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Impact of NIO wrt J2EE projects

 
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Hi there,
I've been wondering whether the NIO will affect the way J2EE applications are built in any way. Opinions/views on this?
A common response has so far been something like "you don't have to think about it, the appserver will handle those things"... But as I believe that generally it's important to know what's happening under the hood, I believe that this is true for NIO as well.
I would be interested to hear war stories about "the quirks of NIO" - things I wouldn't normally think of and thus get me in trouble.
br,
Lasse
 
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Lasse,
Here's what I found regarding the effects of NIO on J2EE projects:
  • Backward Compatibility issues - An issue will arise about the adoption of j2se 1.4 as most frameworks still need to be backward compatible with older releases. I guess the j2se 1.3 is as far as most products would target for.
  • Tomcat and NIO - As this post says; the Tomcat container already uses some NIO-like features (hidden from the developer)


  • On a practical note, have a look at this weblog post regarding the use NIO to improve the performance of uploads of huge files to a Struts 1.1 application.
    Cheers,
    Pho
     
    Greenhorn
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    I'd be interested in knowing this as well. I'm in the middle of a relatively huge project involving the 1.3 version of the SDK and an Oracle application server. There are tentative plans to go to 1.4 at some point, though, and I want to know if there's anything that's going to hold us down and make us give it our lunch money.
     
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    It's always been my opinion that NIO's greatest impact will be mostly unseen. It's the app servers and similar high-end products that will use NIO under the hood to improve scalability and performance.
    In a J2EE environment, most of the stuff that NIO is useful for is handled by the container. Servlets and EJBs may still make use of some NIO features but doing so in the near term restricts deployment choices.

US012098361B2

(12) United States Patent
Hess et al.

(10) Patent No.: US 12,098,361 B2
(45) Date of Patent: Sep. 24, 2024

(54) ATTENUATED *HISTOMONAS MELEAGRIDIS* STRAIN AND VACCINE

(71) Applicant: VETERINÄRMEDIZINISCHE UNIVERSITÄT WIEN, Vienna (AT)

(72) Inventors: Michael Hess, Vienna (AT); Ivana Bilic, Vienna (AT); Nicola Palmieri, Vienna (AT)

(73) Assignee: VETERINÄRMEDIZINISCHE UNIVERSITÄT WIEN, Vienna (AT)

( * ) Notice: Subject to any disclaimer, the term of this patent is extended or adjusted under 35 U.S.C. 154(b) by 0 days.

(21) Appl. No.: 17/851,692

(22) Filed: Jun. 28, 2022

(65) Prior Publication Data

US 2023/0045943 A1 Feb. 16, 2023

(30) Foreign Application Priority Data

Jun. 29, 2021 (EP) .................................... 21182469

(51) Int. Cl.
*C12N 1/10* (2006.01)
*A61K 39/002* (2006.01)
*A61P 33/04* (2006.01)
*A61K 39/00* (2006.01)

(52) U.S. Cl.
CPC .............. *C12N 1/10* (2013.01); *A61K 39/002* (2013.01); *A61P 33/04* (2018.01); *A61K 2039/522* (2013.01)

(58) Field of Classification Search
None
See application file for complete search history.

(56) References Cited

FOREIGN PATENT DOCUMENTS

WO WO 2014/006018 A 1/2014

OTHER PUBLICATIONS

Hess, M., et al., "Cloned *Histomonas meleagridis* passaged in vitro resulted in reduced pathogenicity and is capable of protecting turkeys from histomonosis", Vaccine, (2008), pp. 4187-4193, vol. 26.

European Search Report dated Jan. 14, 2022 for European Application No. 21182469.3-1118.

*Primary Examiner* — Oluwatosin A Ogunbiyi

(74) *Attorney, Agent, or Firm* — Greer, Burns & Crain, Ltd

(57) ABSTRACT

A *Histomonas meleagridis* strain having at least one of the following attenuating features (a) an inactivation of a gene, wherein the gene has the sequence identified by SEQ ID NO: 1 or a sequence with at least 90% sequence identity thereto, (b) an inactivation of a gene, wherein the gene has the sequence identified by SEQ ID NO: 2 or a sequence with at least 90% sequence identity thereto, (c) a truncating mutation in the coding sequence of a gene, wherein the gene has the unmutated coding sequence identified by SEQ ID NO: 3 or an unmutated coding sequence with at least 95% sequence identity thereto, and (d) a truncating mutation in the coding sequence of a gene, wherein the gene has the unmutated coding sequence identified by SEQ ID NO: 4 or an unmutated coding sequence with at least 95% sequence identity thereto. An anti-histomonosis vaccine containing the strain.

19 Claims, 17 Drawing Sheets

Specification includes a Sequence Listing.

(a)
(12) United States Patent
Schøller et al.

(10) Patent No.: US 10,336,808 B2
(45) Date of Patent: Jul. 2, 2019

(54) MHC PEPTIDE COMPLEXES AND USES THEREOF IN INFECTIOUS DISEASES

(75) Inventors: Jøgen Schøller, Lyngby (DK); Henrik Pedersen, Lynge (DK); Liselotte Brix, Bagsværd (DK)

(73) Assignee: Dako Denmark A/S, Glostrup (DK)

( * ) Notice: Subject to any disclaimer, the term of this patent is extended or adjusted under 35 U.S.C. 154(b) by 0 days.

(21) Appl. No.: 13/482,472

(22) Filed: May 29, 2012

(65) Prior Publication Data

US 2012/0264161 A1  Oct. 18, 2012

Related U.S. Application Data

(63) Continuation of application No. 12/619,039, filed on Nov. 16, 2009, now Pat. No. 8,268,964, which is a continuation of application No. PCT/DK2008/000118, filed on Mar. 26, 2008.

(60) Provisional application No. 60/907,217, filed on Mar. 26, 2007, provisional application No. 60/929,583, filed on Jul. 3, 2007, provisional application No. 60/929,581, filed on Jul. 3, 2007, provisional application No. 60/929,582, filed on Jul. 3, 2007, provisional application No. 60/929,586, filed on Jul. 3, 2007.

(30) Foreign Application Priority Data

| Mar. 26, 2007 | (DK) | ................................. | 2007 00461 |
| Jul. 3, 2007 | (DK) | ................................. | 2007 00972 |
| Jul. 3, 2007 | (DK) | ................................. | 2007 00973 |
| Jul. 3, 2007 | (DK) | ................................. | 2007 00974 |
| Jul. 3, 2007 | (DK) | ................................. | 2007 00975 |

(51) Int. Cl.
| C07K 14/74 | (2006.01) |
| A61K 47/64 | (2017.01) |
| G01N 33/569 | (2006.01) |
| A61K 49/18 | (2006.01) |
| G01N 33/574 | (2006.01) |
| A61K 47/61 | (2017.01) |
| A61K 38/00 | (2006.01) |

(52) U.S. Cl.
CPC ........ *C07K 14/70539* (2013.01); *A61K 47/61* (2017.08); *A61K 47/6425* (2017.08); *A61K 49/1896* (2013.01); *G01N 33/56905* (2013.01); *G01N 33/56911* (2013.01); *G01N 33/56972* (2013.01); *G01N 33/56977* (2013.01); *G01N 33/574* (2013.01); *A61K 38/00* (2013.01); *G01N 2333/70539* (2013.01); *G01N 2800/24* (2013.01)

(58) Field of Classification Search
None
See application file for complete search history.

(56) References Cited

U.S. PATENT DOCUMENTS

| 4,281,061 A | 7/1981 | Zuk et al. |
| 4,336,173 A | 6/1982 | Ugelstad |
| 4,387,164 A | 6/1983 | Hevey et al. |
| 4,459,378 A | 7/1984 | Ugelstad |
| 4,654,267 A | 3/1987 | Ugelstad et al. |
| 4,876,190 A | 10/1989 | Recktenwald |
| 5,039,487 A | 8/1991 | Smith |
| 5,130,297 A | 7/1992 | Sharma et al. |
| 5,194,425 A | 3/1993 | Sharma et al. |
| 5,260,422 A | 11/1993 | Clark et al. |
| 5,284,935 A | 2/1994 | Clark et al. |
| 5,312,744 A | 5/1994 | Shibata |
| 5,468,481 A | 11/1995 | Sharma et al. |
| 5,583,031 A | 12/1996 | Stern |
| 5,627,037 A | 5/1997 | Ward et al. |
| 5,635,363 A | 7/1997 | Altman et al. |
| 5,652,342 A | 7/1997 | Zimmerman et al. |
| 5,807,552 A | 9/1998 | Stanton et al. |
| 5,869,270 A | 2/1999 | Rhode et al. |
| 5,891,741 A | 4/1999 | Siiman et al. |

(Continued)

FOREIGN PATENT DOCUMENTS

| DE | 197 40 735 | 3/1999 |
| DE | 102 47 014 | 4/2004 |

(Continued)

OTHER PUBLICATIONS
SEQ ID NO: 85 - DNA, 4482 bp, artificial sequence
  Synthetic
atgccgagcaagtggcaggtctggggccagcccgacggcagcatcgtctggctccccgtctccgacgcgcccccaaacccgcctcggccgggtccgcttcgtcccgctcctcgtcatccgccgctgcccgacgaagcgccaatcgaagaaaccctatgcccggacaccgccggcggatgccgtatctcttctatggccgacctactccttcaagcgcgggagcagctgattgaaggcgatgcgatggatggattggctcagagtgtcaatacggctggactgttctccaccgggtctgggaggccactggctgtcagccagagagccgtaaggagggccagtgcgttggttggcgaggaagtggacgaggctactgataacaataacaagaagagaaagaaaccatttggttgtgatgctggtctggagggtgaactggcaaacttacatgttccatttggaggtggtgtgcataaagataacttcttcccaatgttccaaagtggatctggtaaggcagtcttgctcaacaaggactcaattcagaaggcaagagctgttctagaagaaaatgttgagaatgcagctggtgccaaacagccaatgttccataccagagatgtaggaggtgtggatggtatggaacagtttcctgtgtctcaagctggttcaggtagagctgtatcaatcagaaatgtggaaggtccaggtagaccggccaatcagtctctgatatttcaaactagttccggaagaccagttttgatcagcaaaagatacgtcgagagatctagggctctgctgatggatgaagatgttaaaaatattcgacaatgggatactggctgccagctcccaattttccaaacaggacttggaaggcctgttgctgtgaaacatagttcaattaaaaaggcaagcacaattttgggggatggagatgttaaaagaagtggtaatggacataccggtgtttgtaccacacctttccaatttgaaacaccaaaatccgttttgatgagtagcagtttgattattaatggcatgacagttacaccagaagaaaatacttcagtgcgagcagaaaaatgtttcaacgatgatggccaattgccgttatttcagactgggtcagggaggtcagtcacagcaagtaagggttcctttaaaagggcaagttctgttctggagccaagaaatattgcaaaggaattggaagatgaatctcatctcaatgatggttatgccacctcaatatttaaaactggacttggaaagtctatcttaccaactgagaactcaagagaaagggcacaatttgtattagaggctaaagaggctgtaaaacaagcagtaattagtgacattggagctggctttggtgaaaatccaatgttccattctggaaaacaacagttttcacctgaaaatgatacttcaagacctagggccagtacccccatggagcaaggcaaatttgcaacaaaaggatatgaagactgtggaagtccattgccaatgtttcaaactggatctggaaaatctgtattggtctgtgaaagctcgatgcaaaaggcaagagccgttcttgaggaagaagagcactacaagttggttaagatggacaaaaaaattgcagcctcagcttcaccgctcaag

If I can drop my generic EAR into the latest version of JLogicSphere and automatically get a boost from its use of NIO then I win even though I don't use NIO directly.
     
    Pho Tek
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    Ron Hitchens wrote:


    It's always been my opinion that NIO's greatest impact will be mostly unseen.


    Does that mean J2EE developers who will not be dealing with the innards of appservers, LDAP servers, java databases, JMS, SOAP messaging etc... can safely skip learning about NIO (since java.io.* works) ?
    Cheers,
    Pho
     
    Lasse Koskela
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    So, the general opinion seems to be that I, as a J2EE developer, won't benefit much from learning NIO.
    Would I be wrong in saying that it's more beneficial to learn how a particular appserver has implemented certain parts affecting performance (and thus, possibly the architecture) without paying much attention to the actual implementation of NIO concepts.
     
    Ron Hitchens
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    Well, as the author of an NIO book, I don't want to discourage anyone from learning more about NIO. But I'm also a pragmatist.
    If you're primarily writing webapps which run inside a container then your primary focus is going to be on interfacing to the container and leveraging the services it provides. That doesn't mean NIO has no interest for you, but in such an environment NIO is probably most profitably applied to improving the container rather than the contained apps. Although you could certainly find uses for the file-related aspects of NIO, for example.
    I see NIO as similar to Reflection or Weak References: important building blocks of the Java environment and something every professional Java programmer should be familiar with. But not something that most will use on a daily basis. At least not in all application arenas.
     
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